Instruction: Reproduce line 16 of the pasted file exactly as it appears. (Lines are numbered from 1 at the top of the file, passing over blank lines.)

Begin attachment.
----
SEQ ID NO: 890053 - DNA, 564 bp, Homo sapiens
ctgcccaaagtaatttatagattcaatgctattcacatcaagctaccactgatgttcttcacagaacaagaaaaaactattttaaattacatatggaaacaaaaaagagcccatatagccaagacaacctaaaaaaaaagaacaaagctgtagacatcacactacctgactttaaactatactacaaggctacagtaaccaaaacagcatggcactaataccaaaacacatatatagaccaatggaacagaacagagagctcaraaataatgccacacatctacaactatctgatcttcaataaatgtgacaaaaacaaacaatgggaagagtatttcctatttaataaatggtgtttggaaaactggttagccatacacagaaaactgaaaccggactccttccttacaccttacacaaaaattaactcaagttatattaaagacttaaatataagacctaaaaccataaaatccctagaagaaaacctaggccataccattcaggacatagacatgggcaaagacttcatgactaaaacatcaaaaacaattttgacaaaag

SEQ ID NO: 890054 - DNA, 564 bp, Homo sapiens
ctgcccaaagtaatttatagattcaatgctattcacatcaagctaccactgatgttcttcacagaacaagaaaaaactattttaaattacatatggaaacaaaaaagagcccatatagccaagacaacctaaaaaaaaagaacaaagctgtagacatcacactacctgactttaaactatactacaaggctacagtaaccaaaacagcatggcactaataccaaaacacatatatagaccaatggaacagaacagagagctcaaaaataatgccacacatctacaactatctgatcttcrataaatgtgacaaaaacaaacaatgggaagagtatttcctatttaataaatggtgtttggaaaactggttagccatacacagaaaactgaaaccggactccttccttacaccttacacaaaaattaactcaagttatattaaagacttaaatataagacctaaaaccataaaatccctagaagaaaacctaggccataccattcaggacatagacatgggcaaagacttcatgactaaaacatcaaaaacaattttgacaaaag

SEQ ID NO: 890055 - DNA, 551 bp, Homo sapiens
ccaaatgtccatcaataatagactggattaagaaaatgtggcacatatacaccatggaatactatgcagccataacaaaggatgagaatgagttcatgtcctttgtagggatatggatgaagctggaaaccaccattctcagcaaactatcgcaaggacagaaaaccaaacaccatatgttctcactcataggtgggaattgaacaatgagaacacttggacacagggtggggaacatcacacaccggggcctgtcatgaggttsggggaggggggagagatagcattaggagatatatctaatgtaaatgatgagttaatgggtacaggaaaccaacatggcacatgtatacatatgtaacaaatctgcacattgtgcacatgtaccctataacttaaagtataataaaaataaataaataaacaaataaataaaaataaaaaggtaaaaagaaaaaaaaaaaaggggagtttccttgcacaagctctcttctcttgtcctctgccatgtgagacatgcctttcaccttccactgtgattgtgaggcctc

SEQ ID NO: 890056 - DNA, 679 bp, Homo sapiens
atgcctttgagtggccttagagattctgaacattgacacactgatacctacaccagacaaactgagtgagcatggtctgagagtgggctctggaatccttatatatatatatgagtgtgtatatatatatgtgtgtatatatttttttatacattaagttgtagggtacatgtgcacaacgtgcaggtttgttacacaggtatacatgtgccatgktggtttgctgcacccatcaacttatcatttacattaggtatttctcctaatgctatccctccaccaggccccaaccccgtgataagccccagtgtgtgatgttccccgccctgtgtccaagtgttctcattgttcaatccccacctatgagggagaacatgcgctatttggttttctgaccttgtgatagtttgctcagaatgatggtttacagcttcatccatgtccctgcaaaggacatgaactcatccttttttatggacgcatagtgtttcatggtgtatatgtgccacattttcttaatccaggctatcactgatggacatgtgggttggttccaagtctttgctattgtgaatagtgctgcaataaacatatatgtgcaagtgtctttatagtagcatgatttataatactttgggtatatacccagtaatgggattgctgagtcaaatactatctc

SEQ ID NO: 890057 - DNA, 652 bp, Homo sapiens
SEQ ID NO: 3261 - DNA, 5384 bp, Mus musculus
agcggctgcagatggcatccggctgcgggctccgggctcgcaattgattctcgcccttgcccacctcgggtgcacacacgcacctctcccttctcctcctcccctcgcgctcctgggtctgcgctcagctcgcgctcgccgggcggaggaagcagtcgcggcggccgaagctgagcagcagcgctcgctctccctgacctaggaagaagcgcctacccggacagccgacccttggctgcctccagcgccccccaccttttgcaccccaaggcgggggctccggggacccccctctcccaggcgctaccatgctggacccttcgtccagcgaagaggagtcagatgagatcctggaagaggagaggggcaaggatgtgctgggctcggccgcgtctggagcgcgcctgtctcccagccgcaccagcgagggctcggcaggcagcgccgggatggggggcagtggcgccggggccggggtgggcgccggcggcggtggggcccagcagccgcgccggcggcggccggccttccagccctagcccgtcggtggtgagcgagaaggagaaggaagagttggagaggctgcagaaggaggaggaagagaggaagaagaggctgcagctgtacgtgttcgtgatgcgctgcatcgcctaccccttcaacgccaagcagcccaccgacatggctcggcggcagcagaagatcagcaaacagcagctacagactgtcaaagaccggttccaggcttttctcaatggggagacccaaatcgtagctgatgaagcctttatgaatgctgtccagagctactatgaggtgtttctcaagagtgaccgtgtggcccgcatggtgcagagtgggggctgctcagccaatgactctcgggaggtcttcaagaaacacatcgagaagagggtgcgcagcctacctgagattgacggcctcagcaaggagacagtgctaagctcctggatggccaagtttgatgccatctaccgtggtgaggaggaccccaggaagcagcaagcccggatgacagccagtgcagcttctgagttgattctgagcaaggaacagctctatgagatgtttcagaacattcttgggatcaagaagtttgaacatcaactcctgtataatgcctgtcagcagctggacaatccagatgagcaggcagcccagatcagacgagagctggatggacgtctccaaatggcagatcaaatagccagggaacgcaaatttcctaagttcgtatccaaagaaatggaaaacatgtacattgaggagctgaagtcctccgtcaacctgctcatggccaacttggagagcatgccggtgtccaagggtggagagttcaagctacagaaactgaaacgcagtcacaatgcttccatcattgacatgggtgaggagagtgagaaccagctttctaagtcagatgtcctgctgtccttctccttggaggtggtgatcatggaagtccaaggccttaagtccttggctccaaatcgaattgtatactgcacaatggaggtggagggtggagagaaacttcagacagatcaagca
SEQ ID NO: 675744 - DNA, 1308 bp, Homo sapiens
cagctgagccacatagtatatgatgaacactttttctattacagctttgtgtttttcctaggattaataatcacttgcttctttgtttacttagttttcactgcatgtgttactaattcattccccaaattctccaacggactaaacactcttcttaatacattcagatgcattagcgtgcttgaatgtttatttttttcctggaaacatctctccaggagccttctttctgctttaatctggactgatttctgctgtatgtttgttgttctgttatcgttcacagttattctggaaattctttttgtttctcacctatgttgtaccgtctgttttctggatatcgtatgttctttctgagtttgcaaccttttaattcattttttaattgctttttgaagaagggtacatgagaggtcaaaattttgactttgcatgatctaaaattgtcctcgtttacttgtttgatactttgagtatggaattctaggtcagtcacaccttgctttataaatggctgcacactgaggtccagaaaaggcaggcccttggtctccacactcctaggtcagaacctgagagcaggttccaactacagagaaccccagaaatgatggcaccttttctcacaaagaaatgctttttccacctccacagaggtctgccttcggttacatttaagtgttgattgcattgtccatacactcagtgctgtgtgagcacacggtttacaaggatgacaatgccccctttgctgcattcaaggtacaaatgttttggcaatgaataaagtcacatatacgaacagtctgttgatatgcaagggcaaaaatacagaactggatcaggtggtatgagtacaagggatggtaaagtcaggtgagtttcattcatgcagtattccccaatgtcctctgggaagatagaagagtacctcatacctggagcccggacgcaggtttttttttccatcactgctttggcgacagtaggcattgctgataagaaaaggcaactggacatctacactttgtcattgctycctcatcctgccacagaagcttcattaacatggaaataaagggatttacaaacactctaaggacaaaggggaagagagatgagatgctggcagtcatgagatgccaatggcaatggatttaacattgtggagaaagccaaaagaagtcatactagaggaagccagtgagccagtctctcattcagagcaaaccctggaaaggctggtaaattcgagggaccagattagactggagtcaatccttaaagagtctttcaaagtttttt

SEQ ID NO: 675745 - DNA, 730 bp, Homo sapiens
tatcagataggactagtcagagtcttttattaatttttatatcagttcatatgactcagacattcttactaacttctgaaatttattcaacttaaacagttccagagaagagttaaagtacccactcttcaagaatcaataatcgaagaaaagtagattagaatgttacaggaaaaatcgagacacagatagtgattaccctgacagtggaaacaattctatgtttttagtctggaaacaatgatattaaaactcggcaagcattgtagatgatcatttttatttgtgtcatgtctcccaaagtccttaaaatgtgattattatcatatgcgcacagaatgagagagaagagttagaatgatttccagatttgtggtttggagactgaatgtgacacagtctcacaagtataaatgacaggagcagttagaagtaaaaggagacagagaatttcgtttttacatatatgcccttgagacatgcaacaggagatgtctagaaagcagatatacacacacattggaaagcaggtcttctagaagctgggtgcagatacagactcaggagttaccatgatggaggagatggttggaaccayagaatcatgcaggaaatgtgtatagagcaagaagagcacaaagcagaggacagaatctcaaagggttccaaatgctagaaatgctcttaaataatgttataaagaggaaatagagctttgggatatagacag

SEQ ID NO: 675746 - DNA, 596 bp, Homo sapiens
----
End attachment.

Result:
SEQ ID NO: 675746 - DNA, 596 bp, Homo sapiens